In an attempt to get max level before World of Warcraft: Shadowlands, I hopped on WoW to go questing, wrapping up my work in Draenor. When hunting down some angry orcs, my Fireballs gave off a pleasing sound as they were released, and when they impacted, a soft blast came through the headset. If the bass was more present, it could have given off a thick, reverberating sound.
HyperX Cloud Stinger Core Wireless music performance
Despite being tuned specifically for gaming, the HyperX Cloud Stinger Core Wireless presented music well, but the bass and highs overshadowed salient instruments like the vocals.
In Lin-Manuel Miranda’s “My Shot,” there was good separation between the percussion, vocals and keyboard, but the balance was a little off. The vocals were lower than the bassy instruments, but the bass itself lacked depth, so the overall sound wasn’t full. The keyboard was the most prominent instrument as the headset highlighted the highs over mids and lows.
However, when I played Marina's "End of the Earth," the HyperX Cloud Stinger Core Wireless excelled due to its efficient management of high sounds, including the vocals, synthetic beats and keyboard. In this song, the vocals were crisp, rising above the rest of the instruments while not overshadowing the bassy beats.
But when I listened to Willow’s “Wait a Minute!”, the vocals took a backseat to the percussion, which was relatively sharp and prominent throughout the entire song. Despite that, the vocals were full and clear. It’s unfortunate that the HyperX Cloud Stinger Core Wireless doesn’t have an audio-tuning app.
HyperX Cloud Stinger Core Wireless microphone
HyperX outfitted the Cloud Stinger Core Wireless with a swivel-to-mute uni-directional, noise-cancelling microphone.
When I tested it, my voice sounded relatively clear, albeit a bit muddy. The noise cancelling isn’t perfect; I heard my dog's squeak toy in the background while I tested the headset. Additionally, when I played a video on my phone and placed it a few feet away from me, the microphone picked it up. It would’ve been nice to have a built-in playback feature so I could hear my own voice as well as what’s around me.
HyperX Cloud Stinger Core Wireless features
The HyperX Cloud Stinger Core Wireless utilizes its wireless capabilities via a 2.4GHz USB wireless receiver, which you can connect to your PC or PS4. I tested the headset on both systems and I experienced no issues.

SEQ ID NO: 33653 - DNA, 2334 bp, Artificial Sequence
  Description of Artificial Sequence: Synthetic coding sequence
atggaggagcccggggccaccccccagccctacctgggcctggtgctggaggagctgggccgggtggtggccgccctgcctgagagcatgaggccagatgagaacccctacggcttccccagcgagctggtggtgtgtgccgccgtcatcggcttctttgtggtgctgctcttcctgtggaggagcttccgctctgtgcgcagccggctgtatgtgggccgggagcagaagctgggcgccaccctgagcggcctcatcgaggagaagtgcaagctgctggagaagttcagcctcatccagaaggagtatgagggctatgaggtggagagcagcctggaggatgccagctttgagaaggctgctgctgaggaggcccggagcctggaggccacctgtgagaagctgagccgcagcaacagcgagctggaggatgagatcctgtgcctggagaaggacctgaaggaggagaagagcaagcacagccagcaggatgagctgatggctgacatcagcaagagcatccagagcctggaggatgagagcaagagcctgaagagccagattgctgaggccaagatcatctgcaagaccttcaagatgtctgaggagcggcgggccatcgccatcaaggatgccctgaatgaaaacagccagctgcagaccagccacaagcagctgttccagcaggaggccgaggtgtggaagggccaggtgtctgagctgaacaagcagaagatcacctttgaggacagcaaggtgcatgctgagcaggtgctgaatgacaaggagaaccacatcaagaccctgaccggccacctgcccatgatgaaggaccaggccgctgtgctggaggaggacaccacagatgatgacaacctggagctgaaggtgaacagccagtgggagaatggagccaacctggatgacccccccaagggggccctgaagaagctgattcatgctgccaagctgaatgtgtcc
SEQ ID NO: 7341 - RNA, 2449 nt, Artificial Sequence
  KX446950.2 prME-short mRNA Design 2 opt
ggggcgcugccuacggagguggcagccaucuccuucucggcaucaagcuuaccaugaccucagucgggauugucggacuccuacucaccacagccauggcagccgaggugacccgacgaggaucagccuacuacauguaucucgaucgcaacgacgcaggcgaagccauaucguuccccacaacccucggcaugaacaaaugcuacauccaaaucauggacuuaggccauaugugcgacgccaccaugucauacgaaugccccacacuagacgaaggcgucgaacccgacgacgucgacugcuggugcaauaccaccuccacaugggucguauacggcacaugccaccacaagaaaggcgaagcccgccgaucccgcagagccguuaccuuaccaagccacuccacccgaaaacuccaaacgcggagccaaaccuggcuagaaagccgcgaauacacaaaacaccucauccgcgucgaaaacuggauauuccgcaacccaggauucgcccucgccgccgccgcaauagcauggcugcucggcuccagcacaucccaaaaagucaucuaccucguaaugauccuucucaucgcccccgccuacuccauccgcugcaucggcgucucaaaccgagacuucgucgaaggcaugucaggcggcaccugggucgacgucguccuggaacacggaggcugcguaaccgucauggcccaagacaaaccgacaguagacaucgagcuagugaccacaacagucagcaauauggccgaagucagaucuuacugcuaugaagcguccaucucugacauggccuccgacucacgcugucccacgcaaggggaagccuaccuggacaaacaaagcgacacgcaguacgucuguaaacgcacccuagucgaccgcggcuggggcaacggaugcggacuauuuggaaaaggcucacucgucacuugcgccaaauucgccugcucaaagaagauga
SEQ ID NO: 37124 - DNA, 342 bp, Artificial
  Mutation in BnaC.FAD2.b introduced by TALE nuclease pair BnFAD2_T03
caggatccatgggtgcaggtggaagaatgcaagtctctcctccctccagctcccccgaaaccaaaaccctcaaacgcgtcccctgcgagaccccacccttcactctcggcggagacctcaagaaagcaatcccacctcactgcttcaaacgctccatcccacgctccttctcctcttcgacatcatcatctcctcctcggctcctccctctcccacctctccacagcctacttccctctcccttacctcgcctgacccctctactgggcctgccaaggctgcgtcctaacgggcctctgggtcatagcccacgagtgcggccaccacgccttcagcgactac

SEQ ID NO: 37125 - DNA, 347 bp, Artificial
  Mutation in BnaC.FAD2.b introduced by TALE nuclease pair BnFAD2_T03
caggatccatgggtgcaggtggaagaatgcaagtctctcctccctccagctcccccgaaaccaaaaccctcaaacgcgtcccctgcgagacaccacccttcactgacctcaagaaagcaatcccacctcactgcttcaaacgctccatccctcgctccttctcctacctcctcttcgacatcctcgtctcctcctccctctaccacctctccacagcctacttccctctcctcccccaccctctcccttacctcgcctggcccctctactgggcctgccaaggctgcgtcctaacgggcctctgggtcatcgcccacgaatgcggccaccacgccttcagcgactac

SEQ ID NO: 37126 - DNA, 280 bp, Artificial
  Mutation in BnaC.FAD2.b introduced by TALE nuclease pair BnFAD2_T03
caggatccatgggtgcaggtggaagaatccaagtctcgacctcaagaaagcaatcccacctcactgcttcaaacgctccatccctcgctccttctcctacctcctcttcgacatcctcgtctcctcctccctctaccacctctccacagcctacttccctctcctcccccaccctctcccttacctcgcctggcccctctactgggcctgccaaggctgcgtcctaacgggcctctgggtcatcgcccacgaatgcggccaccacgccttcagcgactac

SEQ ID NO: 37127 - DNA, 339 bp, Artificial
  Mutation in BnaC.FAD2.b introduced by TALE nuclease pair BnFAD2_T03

In terms of battery life, the HyperX Cloud Stinger Core Wireless will net you up to 17 hours, according to HyperX. I played Marvel's Avengers for several days, enjoying four-to-six hour play sessions, before I had to charge the headset, so HyperX's battery-life claim seems credible.
Unfortunately, the HyperX Cloud Stinger Core Wireless doesn’t have any EQ features, so you can’t customize the sound. You're unfortunately stuck with its factory-set sound, and while it doesn't sound bad, it could use some tuning.
If you’re on a tight budget, but want to untangle yourself from the burden on wires, the HyperX Cloud Stinger Core Wireless headset is a great option. It offers quality sound for gaming, great wireless performance and a pair of comfortable earpads. However, it’s frustrating to get a good fit and the lack of EQ options is a missed opportunity.
SteelSeries has its own cheap wireless headset called the SteelSeries Arctis 1 Wireless, which costs $99. It comes with several adapters and an app EQ settings. However, its wireless receiver is a USB Type-C dongle designed specifically for phones and the Nintendo Switch. While it comes with an adapter for USB Type-A ports, it might be a bit of a hassle.
Overall, the HyperX Cloud Stinger Core Wireless is a great gaming headset to purchase if you need cheap wireless gaming in your life.
Rami Tabari is an Editor for Laptop Mag. He reviews every shape and form of a laptop as well as all sorts of cool tech. You can find him sitting at his desk surrounded by a hoarder's dream of laptops, and when he navigates his way out to civilization, you can catch him watching really bad anime or playing some kind of painfully difficult game. He’s the best at every game and he just doesn’t lose. That’s why you’ll occasionally catch his byline attached to the latest Souls-like challenge.